5. Game customization

Once you've finished writing a game, you can modify it. Want to play 2048 on a 5x5 board? Go ahead. You're a programmer — and you've got a keyboard at your fingertips. Change the game however you like. You can add something entirely new. For example, in Snake, the snake could slow down if it eats a fresh apple (within 5 seconds after the apple appears). Moreover, the apple could change color from red to green, or become a pear. Or maybe your snake loves rabbits more than apples... In Minesweeper, you could give the player a second life or perhaps an atomic bomb that "lights up" cells within a radius of several cells. But remember, if you work with files or graphics in a game without using the game engine, the game may not be published in the application catalog. Not everything can be run in a browser, you know.

6. Useful documentation

We prepared some in-depth documents to help you get acquainted with the CodeGym game engine (initializing the game, creating the playing field, and working with graphics), event handling (working with the mouse, keyboard, and timer), and refresh or learn the basic Java theory you'll find when writing games (first and second CodeGym quest):

7. Common problems

I have Linux and I use OpenJDK. When I run the game, the compiler gives an error:
Error:(6, 8) java: cannot access javafx.application.Application
  class file for javafx.application.Application not found
What should you do? Our game engine uses JavaFX, but it isn't installed by default in OpenJDK. You need to fix this:
  1. At the command prompt, enter the following: sudo apt-get install openjfx

  2. After that, go to the project settings (ALT+CTRL+SHIFT+S) -> SDKs -> Classpath and click on the plus sign on the right. Select the file jfxrt.jar. It is located in the installed JDK at: <JDK_PATH>/jre/lib/ext/jfxrt.jar

  3. Click OK.

I have Java 11. I can't run the game. What should I do? Java 11 doesn't have JavaFX. As a result, the compiler won't be able to compile the game, and you'll get an error when you try to run the game. To fix the problem, you need to add JavaFX to the project:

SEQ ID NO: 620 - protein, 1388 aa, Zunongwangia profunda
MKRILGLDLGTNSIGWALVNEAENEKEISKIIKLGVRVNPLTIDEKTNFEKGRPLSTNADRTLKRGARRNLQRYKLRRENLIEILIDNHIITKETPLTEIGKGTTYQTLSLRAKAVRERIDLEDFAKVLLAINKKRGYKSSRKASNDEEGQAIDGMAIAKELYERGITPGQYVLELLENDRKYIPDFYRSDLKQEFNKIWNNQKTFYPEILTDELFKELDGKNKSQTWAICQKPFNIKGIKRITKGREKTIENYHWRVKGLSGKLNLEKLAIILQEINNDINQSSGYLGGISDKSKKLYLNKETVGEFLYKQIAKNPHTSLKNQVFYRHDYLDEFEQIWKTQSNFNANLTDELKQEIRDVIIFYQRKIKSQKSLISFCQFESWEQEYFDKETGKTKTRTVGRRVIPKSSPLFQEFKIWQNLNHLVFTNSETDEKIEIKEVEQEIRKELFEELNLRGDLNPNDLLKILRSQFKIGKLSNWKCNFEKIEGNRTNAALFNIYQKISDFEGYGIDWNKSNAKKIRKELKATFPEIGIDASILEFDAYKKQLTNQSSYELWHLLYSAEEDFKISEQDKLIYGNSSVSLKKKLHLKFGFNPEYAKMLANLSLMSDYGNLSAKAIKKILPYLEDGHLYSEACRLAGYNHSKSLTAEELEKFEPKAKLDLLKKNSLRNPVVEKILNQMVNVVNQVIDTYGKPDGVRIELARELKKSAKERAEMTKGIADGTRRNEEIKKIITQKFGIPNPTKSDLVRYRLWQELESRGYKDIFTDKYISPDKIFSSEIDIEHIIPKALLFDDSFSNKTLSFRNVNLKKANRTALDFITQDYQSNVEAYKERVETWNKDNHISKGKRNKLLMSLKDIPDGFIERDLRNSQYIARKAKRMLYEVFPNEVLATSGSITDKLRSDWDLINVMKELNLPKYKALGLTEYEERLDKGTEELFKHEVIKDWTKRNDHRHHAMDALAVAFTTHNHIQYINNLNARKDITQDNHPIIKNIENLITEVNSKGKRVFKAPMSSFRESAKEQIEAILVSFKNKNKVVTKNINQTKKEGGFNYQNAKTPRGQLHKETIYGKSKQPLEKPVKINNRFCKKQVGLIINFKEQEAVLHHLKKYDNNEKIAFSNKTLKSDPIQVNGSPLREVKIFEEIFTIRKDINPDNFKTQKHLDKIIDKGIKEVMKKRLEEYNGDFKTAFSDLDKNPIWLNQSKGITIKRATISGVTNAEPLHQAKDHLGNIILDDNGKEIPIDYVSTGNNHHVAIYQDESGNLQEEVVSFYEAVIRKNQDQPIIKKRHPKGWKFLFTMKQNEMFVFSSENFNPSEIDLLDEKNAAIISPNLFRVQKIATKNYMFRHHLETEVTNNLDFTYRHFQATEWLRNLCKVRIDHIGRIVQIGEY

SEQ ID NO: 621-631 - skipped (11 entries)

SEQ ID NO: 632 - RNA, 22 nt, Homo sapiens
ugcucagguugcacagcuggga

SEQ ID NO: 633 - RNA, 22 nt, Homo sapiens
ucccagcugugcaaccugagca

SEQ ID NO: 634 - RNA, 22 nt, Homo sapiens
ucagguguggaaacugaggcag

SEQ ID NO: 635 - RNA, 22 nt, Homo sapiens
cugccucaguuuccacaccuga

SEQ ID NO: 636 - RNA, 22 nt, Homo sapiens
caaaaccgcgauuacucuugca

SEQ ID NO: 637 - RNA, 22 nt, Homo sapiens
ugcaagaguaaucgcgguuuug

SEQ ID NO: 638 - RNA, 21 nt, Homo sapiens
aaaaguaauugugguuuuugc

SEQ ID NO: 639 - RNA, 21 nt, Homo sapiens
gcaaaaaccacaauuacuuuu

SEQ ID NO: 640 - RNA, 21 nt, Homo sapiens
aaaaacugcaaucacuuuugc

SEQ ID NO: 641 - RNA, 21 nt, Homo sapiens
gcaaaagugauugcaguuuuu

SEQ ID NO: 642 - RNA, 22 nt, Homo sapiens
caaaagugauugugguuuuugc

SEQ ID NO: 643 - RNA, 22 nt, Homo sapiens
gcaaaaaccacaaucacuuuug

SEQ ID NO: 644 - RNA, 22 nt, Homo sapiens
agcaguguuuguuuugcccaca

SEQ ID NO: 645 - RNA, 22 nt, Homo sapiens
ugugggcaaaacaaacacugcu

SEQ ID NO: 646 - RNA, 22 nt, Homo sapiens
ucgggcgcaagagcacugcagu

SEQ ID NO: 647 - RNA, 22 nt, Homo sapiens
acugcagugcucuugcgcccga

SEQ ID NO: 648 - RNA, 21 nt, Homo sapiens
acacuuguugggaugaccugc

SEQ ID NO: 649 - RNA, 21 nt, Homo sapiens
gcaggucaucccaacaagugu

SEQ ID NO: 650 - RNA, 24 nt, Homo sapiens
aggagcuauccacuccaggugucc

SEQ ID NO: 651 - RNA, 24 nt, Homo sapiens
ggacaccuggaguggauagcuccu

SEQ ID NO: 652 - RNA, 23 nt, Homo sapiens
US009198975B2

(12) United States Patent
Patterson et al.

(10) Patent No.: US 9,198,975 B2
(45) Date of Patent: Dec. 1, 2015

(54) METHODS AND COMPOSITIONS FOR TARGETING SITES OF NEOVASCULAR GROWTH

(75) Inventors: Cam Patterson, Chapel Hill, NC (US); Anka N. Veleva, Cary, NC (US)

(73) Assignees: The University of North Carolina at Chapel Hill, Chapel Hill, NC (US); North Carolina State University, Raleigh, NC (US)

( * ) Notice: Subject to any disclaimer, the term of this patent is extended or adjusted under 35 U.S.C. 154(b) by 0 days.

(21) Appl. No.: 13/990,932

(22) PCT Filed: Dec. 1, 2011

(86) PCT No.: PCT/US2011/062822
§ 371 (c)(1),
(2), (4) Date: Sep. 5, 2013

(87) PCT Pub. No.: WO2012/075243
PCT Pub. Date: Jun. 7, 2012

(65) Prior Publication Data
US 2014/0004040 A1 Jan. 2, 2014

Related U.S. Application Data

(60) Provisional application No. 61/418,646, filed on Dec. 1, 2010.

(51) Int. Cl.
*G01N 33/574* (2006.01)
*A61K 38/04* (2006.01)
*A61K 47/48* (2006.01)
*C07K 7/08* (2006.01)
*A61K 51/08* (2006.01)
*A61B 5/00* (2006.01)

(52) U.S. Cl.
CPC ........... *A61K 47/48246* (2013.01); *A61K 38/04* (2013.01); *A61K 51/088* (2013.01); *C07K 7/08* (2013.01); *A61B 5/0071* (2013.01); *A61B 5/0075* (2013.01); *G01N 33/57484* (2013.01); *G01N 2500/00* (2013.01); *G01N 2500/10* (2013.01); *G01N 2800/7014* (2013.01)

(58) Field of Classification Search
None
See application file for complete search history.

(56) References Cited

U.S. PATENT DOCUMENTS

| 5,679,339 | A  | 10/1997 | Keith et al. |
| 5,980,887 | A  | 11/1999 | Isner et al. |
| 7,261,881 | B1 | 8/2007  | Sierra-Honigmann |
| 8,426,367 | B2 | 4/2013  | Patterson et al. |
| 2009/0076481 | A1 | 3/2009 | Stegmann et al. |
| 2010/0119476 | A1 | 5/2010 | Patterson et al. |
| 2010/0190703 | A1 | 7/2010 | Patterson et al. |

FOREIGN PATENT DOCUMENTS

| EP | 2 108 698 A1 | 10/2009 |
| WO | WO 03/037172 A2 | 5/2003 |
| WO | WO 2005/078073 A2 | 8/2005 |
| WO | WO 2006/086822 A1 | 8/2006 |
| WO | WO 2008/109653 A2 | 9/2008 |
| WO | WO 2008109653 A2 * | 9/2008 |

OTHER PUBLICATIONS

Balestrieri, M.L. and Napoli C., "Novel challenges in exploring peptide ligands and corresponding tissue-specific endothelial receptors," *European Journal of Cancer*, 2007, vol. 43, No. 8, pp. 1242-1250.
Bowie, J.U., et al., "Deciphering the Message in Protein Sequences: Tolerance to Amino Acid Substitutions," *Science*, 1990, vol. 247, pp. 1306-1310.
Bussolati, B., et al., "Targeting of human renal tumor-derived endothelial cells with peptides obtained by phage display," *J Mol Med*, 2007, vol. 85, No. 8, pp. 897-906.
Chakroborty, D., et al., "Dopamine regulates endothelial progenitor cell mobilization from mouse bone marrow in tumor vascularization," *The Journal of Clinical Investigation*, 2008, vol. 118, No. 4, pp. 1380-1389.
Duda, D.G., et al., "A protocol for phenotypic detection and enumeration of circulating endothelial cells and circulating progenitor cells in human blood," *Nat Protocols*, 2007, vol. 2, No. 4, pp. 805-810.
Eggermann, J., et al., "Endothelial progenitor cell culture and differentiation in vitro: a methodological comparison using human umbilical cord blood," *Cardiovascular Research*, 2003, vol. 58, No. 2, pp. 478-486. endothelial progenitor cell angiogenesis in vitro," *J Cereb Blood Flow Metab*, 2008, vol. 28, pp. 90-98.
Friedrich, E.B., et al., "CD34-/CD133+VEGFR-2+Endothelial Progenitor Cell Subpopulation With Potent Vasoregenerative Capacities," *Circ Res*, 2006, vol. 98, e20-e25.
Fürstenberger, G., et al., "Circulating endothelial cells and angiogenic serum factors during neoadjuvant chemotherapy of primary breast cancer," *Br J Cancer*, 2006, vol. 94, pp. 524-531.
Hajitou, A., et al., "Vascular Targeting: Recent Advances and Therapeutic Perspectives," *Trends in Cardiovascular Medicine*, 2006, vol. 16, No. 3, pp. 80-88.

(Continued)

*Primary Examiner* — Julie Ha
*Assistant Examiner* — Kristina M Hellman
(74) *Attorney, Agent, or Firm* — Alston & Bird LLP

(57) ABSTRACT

1. Download the JavaFX Windows SDK at https://gluonhq.com/products/javafx/.

  2. Unpack the downloaded archive into any folder (preferably in the lib folder of the Games project).

  3. Open IDEA.

  4. In IDEA, go to File -> Project Structure.

  5. Select the Libraries tab and click + -> Java.

    New section on CodeGym — Games - 6
  6. Specify the path to the unpacked javafx-sdk folder and select the lib folder

    New section on CodeGym — Games - 7
  7. Click OK. Then in the new window, add JavaFX to the Games module.

    New section on CodeGym — Games - 8
  8. Now a new library should appear. Click Apply -> OK.

    New section on CodeGym — Games - 9
  9. To run the game correctly, open Run-> Edit Configuration, and enter the following in the VM options field:

    --module-path /Users//Downloads/javafx-sdk/lib --add-
    modules=javafx.controls,javafx.fxml

    Where /Users//Downloads/javafx-sdk is the path to the unpacked JavaFX folder.

    New section on CodeGym — Games - 10
  10. Next, you need add the application on this tab. To do this, click + -> Application

    New section on CodeGym — Games - 11
    1. Select the Games module

    2. Enter the path to the main class (in this case — SnakeGame)

    3. Enter the same VM options as in item 9.

    Click Apply -> OK

    New section on CodeGym — Games - 12
  11. Run the game.